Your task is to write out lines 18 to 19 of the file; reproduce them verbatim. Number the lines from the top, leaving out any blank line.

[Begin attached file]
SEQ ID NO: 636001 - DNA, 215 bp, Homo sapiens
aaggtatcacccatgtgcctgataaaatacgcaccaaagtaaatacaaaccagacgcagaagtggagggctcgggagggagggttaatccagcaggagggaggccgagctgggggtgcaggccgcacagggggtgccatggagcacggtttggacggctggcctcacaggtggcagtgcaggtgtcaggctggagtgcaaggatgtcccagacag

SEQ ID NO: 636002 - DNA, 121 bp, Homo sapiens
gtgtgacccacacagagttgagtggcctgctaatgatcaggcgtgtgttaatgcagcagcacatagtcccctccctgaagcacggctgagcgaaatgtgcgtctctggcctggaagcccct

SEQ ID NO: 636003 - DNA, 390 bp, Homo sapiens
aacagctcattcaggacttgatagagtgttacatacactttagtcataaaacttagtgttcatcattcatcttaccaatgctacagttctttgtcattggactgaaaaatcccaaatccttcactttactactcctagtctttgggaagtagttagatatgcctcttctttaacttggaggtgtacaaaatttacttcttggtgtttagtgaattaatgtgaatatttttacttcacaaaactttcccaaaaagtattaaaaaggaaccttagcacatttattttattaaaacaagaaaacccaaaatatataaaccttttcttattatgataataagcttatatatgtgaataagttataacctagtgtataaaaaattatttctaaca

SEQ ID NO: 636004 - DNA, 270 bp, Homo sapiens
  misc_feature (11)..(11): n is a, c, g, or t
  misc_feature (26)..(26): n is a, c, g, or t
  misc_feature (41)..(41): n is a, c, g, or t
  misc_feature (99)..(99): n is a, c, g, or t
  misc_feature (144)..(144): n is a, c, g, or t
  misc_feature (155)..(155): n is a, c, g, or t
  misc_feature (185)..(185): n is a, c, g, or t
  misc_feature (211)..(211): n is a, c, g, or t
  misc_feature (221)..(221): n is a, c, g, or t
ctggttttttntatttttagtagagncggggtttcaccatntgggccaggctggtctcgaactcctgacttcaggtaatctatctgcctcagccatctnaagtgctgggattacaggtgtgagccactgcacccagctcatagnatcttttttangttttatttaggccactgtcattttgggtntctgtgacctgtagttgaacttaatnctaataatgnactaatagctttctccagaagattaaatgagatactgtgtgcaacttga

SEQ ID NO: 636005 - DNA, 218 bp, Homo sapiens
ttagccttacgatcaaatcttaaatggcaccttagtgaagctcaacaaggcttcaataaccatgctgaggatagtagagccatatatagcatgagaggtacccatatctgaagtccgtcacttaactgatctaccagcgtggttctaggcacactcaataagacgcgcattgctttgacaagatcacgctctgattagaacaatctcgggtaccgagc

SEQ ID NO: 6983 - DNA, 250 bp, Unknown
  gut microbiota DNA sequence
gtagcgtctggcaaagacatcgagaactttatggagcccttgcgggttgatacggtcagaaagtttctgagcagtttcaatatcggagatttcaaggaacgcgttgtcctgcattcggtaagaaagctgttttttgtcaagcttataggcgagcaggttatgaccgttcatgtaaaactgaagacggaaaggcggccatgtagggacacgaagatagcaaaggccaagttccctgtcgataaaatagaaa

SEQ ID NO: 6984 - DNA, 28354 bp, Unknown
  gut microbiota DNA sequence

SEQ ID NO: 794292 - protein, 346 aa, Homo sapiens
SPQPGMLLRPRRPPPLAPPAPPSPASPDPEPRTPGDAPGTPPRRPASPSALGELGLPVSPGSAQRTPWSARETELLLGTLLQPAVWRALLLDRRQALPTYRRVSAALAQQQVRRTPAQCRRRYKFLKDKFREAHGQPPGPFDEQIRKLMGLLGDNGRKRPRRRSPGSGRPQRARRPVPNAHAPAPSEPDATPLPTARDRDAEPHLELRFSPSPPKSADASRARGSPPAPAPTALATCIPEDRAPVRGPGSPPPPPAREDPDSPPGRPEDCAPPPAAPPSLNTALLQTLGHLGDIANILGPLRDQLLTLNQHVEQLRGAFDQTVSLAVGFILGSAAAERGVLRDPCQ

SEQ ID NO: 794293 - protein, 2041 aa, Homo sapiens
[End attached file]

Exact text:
SEQ ID NO: 636005 - DNA, 218 bp, Homo sapiens
ttagccttacgatcaaatcttaaatggcaccttagtgaagctcaacaaggcttcaataaccatgctgaggatagtagagccatatatagcatgagaggtacccatatctgaagtccgtcacttaactgatctaccagcgtggttctaggcacactcaataagacgcgcattgctttgacaagatcacgctctgattagaacaatctcgggtaccgagc